Published: October 1st 2015 by Hot Key Books (first published August 1st 2010)
Age Rating: 9+
Thank you to Ms Coggin and Hot Key Books for giving me a copy to read in exchange for a honest review.
* * * * * S y n o p s i s * * * * *
A girl, a dog, a boy, a journey.
“When my death came, it was swift. Swift as a racing horse.”
Twelve-year-old Daisy has just died in a car crash. But in a twist of fate, and through a heavenly bureaucratic mistake Daisy ends up, not where she is supposed to be – but in the body of a dog. Daisy may now be inhabiting a dog’s body, but inside she is still very much Daisy, and is as bouncy, loyal, positive, energetic as she ever was.
Daisy’s only thought is to somehow be reunited with her parents, who she knows will be missing her. And this is how she meets Pip, a boy who is homeless and on his own journey, and a lasting, tender and very moving friendship between boy and dog/girl is formed.
A charming and beautifully written story with a bit of quirk and a lot of heart.
* * * * * M y T h o u g h t s * * * * *
Yes, this book is a story of death and reincarnation, but it’s also a story of love, friendship and second chances. It is heart-breaking and heart-warming all at the same time. It is quite an easy read, that has a nice flow and fast pace.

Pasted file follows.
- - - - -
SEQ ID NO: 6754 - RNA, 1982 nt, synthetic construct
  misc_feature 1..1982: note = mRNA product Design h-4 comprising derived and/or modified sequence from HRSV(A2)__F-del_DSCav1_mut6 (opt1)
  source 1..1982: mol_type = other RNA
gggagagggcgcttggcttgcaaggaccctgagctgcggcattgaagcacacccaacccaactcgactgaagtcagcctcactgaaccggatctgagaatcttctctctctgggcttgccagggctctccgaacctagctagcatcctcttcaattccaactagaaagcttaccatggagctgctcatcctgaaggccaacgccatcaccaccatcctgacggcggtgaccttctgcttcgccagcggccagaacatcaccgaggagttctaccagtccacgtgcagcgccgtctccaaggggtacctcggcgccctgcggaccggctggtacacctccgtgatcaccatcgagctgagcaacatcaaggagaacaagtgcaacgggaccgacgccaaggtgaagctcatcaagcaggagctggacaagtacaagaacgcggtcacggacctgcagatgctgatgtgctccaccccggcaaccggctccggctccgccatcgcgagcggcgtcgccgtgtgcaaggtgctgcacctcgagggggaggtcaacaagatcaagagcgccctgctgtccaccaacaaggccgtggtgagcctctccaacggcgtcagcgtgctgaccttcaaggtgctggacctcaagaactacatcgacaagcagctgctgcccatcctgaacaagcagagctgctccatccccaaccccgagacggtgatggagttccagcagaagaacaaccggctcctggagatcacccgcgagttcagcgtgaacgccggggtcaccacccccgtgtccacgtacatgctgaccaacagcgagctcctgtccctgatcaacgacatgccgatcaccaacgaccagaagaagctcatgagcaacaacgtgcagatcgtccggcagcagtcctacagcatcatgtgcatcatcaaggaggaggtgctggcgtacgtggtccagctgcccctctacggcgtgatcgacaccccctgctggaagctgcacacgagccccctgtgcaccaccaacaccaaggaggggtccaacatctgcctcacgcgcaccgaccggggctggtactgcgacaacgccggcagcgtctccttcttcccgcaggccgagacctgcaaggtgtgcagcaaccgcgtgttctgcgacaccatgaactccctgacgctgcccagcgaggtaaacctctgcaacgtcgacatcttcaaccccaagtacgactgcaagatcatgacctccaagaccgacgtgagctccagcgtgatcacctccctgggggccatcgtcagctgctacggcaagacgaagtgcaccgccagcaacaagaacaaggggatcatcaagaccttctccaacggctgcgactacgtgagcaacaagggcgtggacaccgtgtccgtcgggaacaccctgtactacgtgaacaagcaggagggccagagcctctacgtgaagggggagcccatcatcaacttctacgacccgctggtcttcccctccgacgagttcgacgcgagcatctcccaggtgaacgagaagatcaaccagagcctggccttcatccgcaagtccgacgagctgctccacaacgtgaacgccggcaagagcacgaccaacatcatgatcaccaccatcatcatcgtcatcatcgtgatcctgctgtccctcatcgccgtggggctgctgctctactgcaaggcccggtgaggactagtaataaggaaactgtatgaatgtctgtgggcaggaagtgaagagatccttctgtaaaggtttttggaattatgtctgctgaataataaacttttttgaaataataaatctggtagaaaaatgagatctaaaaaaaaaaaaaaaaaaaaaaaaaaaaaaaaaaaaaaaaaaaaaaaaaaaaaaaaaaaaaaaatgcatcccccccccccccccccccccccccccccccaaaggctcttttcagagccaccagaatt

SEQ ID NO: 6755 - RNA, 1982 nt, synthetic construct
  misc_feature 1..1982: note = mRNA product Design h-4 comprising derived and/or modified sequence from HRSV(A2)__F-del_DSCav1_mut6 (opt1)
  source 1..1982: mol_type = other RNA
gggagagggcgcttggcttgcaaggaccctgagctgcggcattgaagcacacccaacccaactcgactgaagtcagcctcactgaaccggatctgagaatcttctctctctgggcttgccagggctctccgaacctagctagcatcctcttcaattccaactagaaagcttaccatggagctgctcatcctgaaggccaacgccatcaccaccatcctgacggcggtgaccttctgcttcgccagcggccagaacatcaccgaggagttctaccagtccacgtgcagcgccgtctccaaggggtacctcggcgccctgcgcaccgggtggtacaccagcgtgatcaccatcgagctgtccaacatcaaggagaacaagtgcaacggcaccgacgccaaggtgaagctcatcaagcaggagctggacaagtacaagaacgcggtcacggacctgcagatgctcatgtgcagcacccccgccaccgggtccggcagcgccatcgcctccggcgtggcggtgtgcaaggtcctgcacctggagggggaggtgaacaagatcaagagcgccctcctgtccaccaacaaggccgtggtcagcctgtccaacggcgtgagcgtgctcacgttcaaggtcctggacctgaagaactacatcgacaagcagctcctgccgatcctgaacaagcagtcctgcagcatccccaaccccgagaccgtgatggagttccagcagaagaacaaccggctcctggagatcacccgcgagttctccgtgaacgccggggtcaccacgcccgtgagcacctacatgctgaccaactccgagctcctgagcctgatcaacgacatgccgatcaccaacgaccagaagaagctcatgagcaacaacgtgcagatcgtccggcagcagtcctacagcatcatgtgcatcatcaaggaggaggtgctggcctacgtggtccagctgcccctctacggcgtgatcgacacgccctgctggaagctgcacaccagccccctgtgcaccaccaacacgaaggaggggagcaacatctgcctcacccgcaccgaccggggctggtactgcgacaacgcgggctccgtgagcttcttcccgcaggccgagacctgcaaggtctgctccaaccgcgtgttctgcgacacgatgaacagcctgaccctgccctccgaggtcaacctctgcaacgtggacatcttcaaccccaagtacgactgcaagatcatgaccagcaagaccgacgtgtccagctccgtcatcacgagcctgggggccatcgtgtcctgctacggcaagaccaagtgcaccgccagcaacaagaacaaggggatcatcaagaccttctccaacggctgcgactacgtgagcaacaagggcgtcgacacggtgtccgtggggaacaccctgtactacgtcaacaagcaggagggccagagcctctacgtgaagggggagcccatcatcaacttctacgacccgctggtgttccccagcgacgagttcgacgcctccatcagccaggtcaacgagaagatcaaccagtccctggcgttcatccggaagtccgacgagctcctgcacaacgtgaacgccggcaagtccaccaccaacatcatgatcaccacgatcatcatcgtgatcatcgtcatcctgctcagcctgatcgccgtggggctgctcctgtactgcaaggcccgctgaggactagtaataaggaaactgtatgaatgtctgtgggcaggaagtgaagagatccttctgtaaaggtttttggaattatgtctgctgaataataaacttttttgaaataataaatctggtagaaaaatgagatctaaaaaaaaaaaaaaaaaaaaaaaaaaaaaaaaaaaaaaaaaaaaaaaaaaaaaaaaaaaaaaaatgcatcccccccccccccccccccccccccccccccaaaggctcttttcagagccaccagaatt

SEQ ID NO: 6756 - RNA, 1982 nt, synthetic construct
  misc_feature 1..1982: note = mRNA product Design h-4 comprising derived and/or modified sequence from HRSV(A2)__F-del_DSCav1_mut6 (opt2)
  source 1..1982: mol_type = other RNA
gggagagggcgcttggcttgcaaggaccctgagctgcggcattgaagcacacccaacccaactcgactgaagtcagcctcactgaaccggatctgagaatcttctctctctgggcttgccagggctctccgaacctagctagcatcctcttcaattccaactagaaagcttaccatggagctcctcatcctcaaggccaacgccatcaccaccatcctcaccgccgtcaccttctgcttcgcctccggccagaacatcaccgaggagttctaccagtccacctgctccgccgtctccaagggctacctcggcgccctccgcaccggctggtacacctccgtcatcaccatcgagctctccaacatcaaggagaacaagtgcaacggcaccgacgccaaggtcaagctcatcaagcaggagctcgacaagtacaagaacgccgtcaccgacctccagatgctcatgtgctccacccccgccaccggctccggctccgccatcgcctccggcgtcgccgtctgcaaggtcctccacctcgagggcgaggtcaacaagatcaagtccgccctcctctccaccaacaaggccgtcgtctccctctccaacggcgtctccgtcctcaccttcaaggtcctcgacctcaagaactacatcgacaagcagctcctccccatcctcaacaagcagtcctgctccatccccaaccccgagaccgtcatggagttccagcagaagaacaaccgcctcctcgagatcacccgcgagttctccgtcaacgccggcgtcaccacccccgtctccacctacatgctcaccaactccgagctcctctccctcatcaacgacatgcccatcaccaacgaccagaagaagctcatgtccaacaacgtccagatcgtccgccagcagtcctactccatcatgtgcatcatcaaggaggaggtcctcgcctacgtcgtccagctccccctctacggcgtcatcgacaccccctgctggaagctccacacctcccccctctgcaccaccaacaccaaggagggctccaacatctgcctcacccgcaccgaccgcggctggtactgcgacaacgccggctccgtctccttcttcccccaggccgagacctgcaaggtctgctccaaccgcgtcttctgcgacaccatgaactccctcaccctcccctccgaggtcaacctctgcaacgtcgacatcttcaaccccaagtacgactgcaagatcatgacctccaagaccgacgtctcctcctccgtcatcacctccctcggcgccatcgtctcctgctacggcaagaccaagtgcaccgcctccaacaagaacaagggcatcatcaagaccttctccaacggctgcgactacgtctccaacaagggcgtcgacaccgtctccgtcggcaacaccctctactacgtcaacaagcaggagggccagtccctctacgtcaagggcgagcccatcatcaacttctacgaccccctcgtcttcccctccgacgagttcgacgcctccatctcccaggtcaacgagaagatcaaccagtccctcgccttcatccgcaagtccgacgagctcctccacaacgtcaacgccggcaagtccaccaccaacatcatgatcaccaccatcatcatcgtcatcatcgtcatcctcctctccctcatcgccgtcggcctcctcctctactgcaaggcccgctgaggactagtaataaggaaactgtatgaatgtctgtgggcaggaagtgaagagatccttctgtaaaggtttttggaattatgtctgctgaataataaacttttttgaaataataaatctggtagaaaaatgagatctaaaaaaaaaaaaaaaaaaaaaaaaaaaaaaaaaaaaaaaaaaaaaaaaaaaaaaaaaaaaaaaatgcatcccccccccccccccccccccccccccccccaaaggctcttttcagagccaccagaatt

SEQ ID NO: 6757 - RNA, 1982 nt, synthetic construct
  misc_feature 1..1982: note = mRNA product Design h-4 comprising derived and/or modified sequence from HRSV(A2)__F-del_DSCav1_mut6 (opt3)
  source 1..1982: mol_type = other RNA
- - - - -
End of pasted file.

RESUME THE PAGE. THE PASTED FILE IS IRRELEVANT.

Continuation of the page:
In Taking the wrong door, Daisy who was a twelve-year-old girl, goes into a new life as a new born puppy with all her memories. The door she was supposed to take would have erased her memories, wiping her slate clean.
Dog Daisy is determined to get back to her human parents and recreate some former resemblance of her old life – this doesn’t go very well.
A sequence of events (I don’t want to give too much away!) finds Daisy out on her own and struggling to stay alive a stray dog. Fate and a drifter named Jack bring Pip and her together. It is Pip who gives Daisy the name Ray (as in a ray of sunshine), which is the first step in Daisy’s healing process.
Pip is a fourteen-year-old boy who has run away from his foster carers on a mission to track down his father.
Pip and Ray need each other and they form a deep and pure bond.
There are plenty of twists and turns in Pip and Ray’s adventure/search for Pip’s dad and even though it’s not what he imagined, Pip gets a happy ending.
Slowly Daisy slips away as she comes to terms with her death and embraces the life of Ray. In the end she is at peace and happy.
The way Ms Coggin wrote the way Ray thought was believable and I felt she captured the heart of a dog beautifully in this book.
It is a sweet story with some beautiful characters that I don’t think I’ll forget any time soon.